EGU Blogs

Crocodiles are so hard, they even eat fruit

Seed dispersal by animals is incredibly important for plants to help them occupy new areas of land and reproduce. Usually, this happens using bugs, birds, or intrepid kittens, but probably the last animal on this planet you’d expect to disperse seeds is crocodiles – you know, those big beasties that take down bison for a snack. Well, turns out, they do, and it’s a process known as saurochory.

Not only that, but these king archosaurs, the vintage cousins of dinosaurs, the ones who you never smile at, eat fruit to get at seeds. A new study reviewed the diets of modern crocodiles, and showed that 13 of 18 species ate fruit of some sort (frugivory), along with a wide variety of plants.

Using animals as a method of seed dispersal is actually a cool form of mutualism – the plants get to spread their genes, and animals get a healthy snack, that isn’t in the form of some naff cracker. In other reptiles, seed dispersal is a well-known activity, although not as well understood as for insects, mammals, and birds, even in snakes and turtles.

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A recent review study shows that for crocs, almost a quarter of the fruits consumed were of the ‘fleshy’ kind (think James and the Giant Peach, but with reptiles). However, none of the recordings were of direct observations of fruit eating, so exactly how or why they did is still a bit of a mystery.

The question of how is mostly a case of speculation, as it’s rare to directly observe a croc consuming fruit. Generally, it might be that there is no common reason, and it’s a series of partial consumption hypotheses that all just depend on the scenario a hunting croc is involved in. Perhaps they’re really good at sneaking up on and gobbling animals preoccupied with nomming fruits, which just happen to get caught up in the act in an apple-goat smoothie of sorts. The yucky extension of this is that the fruit has already been eaten, and gets transferred during the gulping process.  Alternatively, it could be a case of mistaken identity, where a sleepy croc might mistake a floating fruit for some sort of tasty nosh. If you have any hypotheses about why crocs might ingest fruit and plants, I’d love to hear – pop a comment below!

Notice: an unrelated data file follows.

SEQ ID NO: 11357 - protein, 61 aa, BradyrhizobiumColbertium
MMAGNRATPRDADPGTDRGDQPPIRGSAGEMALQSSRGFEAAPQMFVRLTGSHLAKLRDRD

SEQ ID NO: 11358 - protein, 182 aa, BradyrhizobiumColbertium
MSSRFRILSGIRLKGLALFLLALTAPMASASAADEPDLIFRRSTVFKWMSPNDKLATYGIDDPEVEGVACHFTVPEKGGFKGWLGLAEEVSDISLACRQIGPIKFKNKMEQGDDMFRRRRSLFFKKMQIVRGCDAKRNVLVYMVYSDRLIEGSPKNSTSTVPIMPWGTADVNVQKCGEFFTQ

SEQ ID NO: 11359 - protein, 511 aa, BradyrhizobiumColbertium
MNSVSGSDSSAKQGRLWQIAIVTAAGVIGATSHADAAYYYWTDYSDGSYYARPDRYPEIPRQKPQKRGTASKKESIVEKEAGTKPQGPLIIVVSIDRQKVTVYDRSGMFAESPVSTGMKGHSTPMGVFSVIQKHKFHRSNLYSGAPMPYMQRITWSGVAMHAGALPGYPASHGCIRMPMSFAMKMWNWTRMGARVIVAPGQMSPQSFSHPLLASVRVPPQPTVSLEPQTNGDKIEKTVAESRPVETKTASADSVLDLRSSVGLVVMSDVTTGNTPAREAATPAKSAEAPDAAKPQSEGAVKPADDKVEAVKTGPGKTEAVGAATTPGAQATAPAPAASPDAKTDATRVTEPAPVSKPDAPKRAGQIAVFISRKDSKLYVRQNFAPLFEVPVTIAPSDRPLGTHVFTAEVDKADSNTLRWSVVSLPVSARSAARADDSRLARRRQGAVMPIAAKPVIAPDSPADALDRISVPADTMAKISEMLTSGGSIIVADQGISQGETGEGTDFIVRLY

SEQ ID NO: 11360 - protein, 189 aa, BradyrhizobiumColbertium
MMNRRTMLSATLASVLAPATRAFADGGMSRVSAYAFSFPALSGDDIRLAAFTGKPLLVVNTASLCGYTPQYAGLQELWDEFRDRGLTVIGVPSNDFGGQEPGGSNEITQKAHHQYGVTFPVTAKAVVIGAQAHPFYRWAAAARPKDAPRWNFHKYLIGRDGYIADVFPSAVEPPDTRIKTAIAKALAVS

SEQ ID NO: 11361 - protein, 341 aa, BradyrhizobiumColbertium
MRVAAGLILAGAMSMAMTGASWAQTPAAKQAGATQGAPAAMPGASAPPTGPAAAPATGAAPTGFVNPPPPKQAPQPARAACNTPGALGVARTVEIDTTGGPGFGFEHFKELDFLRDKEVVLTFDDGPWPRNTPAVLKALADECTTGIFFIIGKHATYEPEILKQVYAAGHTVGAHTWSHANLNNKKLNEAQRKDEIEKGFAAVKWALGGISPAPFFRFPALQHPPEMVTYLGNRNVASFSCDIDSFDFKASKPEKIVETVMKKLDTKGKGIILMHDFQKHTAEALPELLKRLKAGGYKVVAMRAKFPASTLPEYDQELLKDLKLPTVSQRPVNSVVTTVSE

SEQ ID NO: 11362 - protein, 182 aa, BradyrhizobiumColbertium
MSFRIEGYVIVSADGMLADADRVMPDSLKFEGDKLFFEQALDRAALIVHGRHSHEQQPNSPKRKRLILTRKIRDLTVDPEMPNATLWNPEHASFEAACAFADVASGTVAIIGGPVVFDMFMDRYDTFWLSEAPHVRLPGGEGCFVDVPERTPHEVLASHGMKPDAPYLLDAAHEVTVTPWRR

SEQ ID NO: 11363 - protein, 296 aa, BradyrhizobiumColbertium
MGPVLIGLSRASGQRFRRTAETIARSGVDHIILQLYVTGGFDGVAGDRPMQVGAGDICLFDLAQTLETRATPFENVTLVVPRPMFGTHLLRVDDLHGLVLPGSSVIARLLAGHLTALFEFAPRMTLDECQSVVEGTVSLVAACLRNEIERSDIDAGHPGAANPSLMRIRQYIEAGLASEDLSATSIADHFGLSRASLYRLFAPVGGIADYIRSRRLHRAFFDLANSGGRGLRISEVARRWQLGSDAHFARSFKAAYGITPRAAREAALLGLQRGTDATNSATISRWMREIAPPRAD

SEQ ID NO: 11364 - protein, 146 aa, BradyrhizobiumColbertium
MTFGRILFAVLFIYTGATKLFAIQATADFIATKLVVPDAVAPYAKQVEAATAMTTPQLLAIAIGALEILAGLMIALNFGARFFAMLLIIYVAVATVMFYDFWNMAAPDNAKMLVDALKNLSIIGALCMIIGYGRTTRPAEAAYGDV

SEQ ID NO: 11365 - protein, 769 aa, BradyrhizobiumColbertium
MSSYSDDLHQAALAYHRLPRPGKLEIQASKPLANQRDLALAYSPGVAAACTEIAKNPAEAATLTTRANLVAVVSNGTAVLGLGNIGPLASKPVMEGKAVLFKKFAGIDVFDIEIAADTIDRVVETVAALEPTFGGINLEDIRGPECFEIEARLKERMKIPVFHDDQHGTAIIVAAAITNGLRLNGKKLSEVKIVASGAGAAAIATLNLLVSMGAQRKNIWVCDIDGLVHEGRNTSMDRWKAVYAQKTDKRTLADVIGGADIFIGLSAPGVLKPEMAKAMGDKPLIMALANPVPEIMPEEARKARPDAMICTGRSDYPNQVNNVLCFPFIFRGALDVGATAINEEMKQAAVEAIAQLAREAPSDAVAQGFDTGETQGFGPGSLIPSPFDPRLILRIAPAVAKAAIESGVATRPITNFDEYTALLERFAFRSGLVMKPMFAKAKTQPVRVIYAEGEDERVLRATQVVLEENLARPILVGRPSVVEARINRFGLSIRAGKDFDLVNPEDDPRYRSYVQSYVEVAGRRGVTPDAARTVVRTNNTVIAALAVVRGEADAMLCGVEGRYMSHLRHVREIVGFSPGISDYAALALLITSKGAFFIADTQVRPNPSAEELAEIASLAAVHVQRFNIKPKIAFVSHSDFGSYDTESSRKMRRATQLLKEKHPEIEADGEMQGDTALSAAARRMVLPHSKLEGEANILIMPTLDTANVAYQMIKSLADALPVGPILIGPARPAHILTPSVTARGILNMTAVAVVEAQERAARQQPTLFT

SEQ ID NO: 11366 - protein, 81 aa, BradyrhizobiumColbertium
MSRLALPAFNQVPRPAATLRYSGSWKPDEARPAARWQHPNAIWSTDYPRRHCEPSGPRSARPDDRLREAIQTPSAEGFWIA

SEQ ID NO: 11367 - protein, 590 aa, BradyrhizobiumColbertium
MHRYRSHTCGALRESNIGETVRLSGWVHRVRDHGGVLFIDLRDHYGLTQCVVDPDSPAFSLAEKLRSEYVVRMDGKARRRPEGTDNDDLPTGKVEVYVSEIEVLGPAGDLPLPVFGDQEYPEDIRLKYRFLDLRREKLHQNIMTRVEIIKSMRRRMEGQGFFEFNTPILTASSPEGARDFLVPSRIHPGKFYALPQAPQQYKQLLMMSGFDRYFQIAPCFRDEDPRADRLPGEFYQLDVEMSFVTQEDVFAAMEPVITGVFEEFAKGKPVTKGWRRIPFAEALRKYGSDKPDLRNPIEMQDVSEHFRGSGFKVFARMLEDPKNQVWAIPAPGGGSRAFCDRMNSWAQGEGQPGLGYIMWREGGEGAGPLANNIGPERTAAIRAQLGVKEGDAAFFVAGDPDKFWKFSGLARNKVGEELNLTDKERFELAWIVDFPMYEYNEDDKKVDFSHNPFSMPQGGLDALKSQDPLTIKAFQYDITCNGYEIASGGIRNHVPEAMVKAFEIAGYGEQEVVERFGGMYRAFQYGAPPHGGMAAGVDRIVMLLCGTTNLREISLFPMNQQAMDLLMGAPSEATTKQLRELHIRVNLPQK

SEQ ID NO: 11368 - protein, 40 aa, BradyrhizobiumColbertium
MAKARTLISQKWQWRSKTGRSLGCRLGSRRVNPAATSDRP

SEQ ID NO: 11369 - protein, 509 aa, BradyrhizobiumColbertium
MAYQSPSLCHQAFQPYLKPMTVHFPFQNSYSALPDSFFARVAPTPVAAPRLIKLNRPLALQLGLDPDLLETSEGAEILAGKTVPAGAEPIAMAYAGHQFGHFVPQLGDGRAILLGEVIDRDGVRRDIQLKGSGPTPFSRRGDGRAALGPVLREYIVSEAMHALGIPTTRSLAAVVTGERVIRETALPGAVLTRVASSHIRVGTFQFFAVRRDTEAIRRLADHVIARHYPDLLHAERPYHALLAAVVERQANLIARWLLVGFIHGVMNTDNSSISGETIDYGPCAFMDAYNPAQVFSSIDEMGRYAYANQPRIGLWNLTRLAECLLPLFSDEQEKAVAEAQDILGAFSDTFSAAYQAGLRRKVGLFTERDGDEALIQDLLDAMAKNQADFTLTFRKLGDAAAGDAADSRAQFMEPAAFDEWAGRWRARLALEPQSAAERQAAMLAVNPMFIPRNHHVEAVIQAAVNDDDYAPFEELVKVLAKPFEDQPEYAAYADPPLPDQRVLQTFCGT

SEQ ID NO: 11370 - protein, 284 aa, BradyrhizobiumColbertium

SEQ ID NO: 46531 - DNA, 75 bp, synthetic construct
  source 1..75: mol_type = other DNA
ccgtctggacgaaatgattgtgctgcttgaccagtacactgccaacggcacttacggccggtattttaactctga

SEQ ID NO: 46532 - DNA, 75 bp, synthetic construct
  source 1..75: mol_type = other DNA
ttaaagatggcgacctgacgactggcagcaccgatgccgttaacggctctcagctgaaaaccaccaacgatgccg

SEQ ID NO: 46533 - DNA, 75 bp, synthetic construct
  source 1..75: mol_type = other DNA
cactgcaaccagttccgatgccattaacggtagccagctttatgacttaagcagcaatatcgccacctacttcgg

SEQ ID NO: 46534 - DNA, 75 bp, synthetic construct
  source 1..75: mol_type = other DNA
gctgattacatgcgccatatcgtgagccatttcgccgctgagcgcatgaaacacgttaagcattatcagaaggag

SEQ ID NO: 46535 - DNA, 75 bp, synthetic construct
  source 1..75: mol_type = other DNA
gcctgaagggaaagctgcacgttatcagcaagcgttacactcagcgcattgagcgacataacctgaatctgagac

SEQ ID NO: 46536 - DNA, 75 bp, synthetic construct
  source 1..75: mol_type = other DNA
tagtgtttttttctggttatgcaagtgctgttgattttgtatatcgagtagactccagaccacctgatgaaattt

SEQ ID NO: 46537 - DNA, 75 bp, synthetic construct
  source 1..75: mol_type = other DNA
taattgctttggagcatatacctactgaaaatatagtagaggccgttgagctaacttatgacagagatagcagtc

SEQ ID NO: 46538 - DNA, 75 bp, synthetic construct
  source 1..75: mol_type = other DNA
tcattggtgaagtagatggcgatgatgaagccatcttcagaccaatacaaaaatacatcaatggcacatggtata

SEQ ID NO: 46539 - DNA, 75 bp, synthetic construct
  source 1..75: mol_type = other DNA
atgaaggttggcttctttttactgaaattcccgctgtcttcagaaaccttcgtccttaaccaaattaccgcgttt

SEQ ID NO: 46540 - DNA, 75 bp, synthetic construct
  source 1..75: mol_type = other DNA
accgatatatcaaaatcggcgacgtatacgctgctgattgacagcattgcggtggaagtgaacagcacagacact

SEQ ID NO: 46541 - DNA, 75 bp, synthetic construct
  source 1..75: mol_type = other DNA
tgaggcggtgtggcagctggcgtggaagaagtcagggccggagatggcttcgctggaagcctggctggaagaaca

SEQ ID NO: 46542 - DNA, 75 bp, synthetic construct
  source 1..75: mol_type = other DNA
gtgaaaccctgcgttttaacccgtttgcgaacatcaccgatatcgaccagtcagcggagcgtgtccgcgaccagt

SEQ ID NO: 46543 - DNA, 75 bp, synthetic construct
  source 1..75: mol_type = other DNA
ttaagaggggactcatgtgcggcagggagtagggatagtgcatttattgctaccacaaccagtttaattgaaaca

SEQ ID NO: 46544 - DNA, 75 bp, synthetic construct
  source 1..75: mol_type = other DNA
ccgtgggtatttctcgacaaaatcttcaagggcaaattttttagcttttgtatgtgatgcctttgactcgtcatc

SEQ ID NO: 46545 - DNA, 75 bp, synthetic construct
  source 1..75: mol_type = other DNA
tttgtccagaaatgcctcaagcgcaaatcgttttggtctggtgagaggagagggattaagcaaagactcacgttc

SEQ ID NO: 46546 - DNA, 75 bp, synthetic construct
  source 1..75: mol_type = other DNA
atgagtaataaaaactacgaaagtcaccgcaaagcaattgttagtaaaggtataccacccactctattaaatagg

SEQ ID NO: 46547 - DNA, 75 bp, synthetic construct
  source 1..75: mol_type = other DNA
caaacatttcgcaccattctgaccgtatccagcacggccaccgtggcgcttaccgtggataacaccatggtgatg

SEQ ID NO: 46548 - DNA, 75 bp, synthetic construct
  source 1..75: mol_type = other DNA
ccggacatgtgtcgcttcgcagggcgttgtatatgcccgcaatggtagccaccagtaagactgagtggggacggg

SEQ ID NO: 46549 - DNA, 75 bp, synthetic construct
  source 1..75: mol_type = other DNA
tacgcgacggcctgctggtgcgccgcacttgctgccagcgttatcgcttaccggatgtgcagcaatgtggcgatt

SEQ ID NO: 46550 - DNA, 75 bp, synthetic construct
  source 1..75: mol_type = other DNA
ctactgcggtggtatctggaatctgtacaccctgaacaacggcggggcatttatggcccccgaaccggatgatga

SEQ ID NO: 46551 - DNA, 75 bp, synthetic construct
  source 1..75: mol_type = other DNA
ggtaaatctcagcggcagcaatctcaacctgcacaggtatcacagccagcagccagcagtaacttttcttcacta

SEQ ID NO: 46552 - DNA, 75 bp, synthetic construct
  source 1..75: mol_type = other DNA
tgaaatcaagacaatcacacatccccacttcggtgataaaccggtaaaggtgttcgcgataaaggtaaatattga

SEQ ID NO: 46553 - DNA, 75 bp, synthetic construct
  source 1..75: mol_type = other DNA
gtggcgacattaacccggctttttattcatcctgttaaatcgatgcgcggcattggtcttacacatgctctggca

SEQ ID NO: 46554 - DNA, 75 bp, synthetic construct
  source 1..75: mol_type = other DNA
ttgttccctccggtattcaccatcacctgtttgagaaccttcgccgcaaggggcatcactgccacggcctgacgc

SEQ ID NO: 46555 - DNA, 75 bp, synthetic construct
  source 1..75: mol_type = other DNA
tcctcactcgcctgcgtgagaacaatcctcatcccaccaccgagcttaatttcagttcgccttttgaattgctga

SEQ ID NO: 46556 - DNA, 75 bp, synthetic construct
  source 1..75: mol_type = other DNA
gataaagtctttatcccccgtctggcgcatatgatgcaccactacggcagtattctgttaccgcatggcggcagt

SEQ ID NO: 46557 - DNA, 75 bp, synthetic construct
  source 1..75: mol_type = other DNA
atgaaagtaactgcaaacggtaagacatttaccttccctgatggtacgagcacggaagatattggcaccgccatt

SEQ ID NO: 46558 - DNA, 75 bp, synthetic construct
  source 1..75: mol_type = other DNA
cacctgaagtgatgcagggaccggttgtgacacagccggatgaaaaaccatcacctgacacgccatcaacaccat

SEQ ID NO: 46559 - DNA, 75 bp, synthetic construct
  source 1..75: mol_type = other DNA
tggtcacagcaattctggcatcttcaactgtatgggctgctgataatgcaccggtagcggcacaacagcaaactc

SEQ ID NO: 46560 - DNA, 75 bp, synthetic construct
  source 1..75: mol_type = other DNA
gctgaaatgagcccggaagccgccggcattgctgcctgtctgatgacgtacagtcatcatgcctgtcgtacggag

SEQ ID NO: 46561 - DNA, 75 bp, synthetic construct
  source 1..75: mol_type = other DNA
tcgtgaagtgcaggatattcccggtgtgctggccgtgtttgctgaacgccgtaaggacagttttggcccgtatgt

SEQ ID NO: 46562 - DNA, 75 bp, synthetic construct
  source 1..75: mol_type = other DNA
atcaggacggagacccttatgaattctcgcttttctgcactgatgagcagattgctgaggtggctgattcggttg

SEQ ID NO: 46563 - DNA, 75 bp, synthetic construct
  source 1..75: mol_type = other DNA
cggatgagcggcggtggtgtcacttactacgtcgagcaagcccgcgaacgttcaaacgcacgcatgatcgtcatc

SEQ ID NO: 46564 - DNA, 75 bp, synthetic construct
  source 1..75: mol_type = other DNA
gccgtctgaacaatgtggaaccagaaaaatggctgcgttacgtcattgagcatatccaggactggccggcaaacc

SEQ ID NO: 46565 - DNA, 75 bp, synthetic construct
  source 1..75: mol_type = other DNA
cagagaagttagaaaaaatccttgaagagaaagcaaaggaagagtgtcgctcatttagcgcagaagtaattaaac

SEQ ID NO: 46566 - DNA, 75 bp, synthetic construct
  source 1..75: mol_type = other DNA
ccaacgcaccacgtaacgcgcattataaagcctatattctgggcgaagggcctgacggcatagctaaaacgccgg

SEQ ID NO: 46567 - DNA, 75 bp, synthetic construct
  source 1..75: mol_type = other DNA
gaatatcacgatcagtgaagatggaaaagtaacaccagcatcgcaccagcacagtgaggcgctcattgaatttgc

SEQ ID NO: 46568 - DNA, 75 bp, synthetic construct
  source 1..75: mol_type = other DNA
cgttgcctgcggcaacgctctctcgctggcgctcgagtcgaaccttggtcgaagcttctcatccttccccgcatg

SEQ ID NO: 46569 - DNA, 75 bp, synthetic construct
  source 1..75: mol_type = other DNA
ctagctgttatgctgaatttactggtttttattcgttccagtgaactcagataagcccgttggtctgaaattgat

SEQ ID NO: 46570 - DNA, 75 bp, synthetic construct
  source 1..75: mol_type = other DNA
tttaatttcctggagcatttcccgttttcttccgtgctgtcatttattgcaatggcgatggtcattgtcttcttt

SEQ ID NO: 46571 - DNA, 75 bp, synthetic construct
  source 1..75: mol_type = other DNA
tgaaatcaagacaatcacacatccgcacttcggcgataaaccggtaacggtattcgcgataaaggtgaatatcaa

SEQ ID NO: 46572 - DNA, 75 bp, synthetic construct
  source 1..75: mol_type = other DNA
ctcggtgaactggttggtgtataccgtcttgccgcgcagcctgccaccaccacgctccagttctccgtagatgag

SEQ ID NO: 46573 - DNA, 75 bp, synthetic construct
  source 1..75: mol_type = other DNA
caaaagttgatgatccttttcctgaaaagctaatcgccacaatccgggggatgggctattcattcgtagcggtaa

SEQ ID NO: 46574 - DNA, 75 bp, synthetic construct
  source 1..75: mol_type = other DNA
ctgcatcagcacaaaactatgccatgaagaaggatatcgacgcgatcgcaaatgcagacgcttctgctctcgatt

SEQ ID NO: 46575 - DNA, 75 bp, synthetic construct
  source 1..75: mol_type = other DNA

Why they did it could be for a range of reasons. Perhaps it’s similar to why dinosaurs consumed stones (gastroliths), to help with grinding food in their stomachs, and get a tasty treat in the process. The energy values of fruits are pretty high, so consumption could be for a nutritional benefit, which is cool as it shows that crocodiles have evolved beyond the need for nutritionists.

Perhaps this odd phenomenon might help in part to explain why crocodiles are such successful animals. If food of the meaty sort was ever in short supply, they had the capacity to diversify and track down other food sources, from vegetation and grasses, to getting their 5-a-day. Some ancient crocs called notosuchians, the cousins of the croc lineage leading to modern crocodylians, were fully land-dwelling (terrestrial), armoured, or herbivorous – they were seriously way more diverse in form than the remnants we see today. Imaginably, modern crocs are getting nostalgic, and trying to reclaim some of this former glory..